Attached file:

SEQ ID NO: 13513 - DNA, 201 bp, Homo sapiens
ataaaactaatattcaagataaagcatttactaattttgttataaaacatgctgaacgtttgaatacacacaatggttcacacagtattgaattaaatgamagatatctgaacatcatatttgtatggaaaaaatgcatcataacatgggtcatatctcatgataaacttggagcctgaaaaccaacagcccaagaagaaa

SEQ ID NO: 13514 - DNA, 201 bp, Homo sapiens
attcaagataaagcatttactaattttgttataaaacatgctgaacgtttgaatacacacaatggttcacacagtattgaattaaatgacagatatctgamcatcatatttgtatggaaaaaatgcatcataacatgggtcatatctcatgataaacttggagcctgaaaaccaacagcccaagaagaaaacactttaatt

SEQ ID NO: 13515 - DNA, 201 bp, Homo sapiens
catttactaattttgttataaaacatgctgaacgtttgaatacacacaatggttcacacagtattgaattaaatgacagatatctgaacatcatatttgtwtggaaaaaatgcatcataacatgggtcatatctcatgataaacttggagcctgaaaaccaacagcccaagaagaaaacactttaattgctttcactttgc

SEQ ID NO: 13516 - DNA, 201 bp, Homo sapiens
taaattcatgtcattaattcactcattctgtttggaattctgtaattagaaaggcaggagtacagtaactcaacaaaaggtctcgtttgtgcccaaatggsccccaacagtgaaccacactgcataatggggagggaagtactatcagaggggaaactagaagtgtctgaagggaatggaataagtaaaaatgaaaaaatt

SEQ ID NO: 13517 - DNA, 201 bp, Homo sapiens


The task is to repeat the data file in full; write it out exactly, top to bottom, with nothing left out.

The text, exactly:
SEQ ID NO: 13513 - DNA, 201 bp, Homo sapiens
ataaaactaatattcaagataaagcatttactaattttgttataaaacatgctgaacgtttgaatacacacaatggttcacacagtattgaattaaatgamagatatctgaacatcatatttgtatggaaaaaatgcatcataacatgggtcatatctcatgataaacttggagcctgaaaaccaacagcccaagaagaaa

SEQ ID NO: 13514 - DNA, 201 bp, Homo sapiens
attcaagataaagcatttactaattttgttataaaacatgctgaacgtttgaatacacacaatggttcacacagtattgaattaaatgacagatatctgamcatcatatttgtatggaaaaaatgcatcataacatgggtcatatctcatgataaacttggagcctgaaaaccaacagcccaagaagaaaacactttaatt

SEQ ID NO: 13515 - DNA, 201 bp, Homo sapiens
catttactaattttgttataaaacatgctgaacgtttgaatacacacaatggttcacacagtattgaattaaatgacagatatctgaacatcatatttgtwtggaaaaaatgcatcataacatgggtcatatctcatgataaacttggagcctgaaaaccaacagcccaagaagaaaacactttaattgctttcactttgc

SEQ ID NO: 13516 - DNA, 201 bp, Homo sapiens
taaattcatgtcattaattcactcattctgtttggaattctgtaattagaaaggcaggagtacagtaactcaacaaaaggtctcgtttgtgcccaaatggsccccaacagtgaaccacactgcataatggggagggaagtactatcagaggggaaactagaagtgtctgaagggaatggaataagtaaaaatgaaaaaatt

SEQ ID NO: 13517 - DNA, 201 bp, Homo sapiens